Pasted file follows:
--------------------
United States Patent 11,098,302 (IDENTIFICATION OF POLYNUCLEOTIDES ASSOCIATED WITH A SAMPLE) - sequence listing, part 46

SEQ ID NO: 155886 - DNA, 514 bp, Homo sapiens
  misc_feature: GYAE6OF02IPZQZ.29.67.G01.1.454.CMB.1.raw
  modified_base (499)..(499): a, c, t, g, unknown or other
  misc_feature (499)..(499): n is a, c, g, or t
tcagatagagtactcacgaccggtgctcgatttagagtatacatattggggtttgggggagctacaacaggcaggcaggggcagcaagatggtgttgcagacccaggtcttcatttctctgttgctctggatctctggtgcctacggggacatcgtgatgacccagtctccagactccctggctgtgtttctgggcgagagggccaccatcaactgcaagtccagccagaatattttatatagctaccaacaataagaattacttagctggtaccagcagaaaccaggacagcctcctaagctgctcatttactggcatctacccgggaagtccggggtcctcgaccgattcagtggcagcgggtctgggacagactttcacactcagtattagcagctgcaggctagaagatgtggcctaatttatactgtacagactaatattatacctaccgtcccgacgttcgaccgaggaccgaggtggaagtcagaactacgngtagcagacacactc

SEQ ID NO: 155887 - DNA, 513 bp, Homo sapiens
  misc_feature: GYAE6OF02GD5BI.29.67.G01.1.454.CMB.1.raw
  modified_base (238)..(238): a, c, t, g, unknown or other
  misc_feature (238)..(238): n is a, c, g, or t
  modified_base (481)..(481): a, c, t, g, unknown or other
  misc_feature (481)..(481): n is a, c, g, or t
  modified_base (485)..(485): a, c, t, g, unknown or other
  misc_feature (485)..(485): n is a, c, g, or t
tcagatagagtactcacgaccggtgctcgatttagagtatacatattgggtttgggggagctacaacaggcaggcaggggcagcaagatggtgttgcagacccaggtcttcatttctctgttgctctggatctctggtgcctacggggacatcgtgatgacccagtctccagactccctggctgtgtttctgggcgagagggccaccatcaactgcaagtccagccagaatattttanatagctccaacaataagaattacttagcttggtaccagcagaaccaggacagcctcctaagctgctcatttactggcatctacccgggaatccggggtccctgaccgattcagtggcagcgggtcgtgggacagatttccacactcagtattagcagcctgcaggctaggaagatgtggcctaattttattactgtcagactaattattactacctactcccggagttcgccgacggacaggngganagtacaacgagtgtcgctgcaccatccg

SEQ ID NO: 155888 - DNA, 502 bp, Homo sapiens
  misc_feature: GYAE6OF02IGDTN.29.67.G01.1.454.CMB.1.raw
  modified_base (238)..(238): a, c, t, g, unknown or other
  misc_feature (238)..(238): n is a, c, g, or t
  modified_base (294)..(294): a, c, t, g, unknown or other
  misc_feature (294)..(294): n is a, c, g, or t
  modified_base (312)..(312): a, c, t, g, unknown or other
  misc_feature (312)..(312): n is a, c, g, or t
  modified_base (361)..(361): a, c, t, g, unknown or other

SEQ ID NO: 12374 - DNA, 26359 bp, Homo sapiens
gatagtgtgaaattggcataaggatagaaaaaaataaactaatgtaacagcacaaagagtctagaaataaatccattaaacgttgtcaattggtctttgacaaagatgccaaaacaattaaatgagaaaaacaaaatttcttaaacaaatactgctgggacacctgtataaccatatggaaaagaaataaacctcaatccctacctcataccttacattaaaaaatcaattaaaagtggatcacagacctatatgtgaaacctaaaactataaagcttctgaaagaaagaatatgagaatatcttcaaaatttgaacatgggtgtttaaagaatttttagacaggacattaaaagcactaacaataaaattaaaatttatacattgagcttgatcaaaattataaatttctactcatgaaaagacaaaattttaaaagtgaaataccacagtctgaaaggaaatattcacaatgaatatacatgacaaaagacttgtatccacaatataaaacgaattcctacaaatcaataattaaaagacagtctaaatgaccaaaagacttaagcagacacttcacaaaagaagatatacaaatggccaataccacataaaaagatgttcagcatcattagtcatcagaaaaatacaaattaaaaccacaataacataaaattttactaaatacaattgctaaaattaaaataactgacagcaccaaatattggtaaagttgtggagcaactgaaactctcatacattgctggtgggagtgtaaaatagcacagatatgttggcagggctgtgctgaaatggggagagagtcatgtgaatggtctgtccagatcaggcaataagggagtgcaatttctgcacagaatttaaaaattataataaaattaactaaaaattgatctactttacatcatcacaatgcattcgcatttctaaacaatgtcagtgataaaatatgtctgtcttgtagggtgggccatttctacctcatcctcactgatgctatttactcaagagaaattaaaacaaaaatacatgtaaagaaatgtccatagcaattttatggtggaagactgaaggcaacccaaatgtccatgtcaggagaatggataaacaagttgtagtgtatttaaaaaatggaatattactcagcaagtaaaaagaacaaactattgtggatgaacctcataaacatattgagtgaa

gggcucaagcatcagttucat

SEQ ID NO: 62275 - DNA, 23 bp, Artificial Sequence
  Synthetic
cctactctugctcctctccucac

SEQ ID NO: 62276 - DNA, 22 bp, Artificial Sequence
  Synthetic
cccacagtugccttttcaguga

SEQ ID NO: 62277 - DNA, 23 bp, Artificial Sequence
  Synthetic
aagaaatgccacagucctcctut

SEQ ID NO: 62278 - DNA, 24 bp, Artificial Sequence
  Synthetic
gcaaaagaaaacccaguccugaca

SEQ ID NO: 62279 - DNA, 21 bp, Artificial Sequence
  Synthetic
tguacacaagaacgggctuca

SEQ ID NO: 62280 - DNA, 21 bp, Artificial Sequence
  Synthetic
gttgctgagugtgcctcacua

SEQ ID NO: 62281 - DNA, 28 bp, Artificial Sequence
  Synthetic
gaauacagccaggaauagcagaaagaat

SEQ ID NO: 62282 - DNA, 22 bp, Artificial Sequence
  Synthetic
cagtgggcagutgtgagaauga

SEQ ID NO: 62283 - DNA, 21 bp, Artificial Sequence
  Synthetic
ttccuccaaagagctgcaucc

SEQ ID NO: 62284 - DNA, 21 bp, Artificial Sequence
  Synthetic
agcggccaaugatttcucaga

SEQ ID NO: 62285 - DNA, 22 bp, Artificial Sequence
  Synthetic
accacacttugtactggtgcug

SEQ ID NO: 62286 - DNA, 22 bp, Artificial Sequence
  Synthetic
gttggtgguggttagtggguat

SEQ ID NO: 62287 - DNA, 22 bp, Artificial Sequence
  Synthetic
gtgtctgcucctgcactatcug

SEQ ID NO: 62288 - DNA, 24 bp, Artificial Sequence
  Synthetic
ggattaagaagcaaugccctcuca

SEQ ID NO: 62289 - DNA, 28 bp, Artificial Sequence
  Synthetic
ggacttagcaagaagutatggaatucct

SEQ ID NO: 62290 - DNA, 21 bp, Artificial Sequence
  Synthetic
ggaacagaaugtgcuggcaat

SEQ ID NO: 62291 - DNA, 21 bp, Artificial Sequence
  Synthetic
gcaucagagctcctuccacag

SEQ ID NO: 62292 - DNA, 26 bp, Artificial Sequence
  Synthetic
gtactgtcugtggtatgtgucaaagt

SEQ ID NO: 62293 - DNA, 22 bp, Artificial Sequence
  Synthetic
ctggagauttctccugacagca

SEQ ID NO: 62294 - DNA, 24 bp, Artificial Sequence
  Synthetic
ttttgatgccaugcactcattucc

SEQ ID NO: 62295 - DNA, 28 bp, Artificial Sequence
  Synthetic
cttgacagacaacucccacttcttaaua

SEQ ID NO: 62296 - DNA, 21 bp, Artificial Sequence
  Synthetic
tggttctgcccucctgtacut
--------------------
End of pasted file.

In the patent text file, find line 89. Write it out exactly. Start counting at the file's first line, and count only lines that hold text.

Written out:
  Synthetic